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  • What Are a Hospital’s Costs? Utah System Is Trying to Learn

    (September 7, 2015) Price is one thing, but what does it actually cost to provide health care? University of Utah Health Care is among a few health systems in the country able to answer those questions, Gina Kolata reports.

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  • Building a Bridge Between Value and Volume

    (October 7, 2014) University of Utah Health Care Chief Quality Officer Robert Pendleton provides a recipe for reconciling the oft-competing drivers of volume and value since passage of the Affordable Care Act. The key ingredient: "It's got to be about the patient.

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  • Given Choice, Parents Pick Cheaper Medical Procedure for Children

    (Oct. 1, 2014) "It is common wisdom that patients don't like to think about cost when it comes to health care. But what if the problem is that they’re so rarely even given that information?" wrote Elisabeth Rosenthal about a University of Utah study which found parents given pricing for different forms of surgery tended to select the cheaper option.

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  • Out-Yelping Yelp

    (July 26, 2014) The University of Utah decided to “turn the trend” of popular but unverifiable patient-written physician ratings as the first of a growing field of health centers to survey its patients and publish their reviews online.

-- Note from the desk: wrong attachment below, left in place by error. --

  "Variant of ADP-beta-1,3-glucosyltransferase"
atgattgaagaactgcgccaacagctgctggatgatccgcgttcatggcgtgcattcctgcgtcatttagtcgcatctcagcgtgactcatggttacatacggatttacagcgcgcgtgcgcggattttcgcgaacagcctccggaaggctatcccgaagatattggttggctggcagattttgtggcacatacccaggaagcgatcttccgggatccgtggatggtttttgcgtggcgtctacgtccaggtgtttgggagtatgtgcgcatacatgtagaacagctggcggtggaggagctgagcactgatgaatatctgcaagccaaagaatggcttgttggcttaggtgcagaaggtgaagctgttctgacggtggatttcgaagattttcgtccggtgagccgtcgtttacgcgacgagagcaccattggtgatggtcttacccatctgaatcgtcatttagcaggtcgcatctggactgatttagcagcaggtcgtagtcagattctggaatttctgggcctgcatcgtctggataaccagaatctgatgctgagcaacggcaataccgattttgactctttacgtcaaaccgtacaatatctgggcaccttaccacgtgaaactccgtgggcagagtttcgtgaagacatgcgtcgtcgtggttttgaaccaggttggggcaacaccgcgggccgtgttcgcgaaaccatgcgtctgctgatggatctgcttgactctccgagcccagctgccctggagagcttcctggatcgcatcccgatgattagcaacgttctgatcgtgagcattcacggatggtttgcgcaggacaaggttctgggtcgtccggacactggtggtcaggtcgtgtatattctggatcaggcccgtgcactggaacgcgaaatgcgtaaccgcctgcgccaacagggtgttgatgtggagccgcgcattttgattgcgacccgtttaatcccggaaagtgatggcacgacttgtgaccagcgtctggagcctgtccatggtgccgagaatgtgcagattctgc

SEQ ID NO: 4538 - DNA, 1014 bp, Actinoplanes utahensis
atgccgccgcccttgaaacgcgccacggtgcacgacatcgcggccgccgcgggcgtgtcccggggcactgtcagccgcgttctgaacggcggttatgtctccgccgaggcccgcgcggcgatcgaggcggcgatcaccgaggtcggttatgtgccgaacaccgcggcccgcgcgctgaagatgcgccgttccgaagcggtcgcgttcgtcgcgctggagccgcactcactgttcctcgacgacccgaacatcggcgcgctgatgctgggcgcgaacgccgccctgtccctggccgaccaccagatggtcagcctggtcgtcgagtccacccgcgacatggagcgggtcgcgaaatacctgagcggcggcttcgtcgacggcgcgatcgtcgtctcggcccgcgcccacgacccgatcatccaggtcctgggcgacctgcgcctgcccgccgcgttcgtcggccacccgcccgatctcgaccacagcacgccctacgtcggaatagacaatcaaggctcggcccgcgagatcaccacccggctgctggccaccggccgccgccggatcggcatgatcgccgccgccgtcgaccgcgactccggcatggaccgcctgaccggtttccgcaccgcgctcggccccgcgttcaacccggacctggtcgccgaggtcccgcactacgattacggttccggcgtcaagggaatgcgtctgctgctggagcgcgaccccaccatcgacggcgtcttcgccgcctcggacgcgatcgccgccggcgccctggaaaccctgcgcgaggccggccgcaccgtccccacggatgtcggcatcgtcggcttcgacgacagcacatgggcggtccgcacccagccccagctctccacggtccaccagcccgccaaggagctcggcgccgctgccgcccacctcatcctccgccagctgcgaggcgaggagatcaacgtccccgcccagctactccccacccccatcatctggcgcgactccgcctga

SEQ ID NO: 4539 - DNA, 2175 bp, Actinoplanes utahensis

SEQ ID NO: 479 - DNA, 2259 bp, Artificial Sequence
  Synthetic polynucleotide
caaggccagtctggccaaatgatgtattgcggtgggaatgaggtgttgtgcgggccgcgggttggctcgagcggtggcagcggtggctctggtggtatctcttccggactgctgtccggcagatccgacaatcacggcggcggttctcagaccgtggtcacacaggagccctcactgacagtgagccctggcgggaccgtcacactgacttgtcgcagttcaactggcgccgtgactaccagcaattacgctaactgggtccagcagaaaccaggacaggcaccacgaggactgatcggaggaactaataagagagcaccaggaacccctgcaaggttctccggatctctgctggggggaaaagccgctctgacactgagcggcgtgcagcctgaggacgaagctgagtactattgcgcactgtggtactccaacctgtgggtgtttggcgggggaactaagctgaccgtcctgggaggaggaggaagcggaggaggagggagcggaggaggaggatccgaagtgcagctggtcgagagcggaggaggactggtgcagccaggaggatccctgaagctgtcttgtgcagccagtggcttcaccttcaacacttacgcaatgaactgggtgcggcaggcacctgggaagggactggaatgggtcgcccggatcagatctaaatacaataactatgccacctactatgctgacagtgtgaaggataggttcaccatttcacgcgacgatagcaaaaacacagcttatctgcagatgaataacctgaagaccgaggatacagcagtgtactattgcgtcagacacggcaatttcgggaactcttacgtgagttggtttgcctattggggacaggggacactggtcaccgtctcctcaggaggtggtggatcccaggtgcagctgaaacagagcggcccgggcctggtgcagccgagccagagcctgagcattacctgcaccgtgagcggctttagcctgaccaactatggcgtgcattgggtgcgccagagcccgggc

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  • Retooling Hospitals, One Data Point at a Time

    (June 20, 2014) The University of Utah health system is one of a handful in the nation with a data system that can track cost and quality of care for every one of its patients and share data with care providers to streamline cost and improve care.

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  • Online Reviews Could Help Fix Medicine

    (June 3, 2014) Thomas H. Lee, M.D., chief medical officer at the nation’s leading provider of patient surveys, shares his perspective on the University of Utah's pioneering move to publish patient satisfaction scores online, noting the health system was "richly rewarded."

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  • Engaging Doctors in the Health Care Revolution

    (June 3, 2014) University of Utah Health Care is featured in an article by Thomas H. Lee and Toby Cosgrove discussing how physicians can help propel health care transformation.

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On The National Stage

Leadership: Translating Success

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Innovation in Health Care Leadership: Transparency in Quality Data, Pricing, and Medical Records

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NPR: Marketplace - Putting a Price on Health Care

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The Takeaway - Even Hospitals are Confused about Health Care Costs

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Academic Medical Centers: The Future of Health Care

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Does health data transparency have to be dangerous?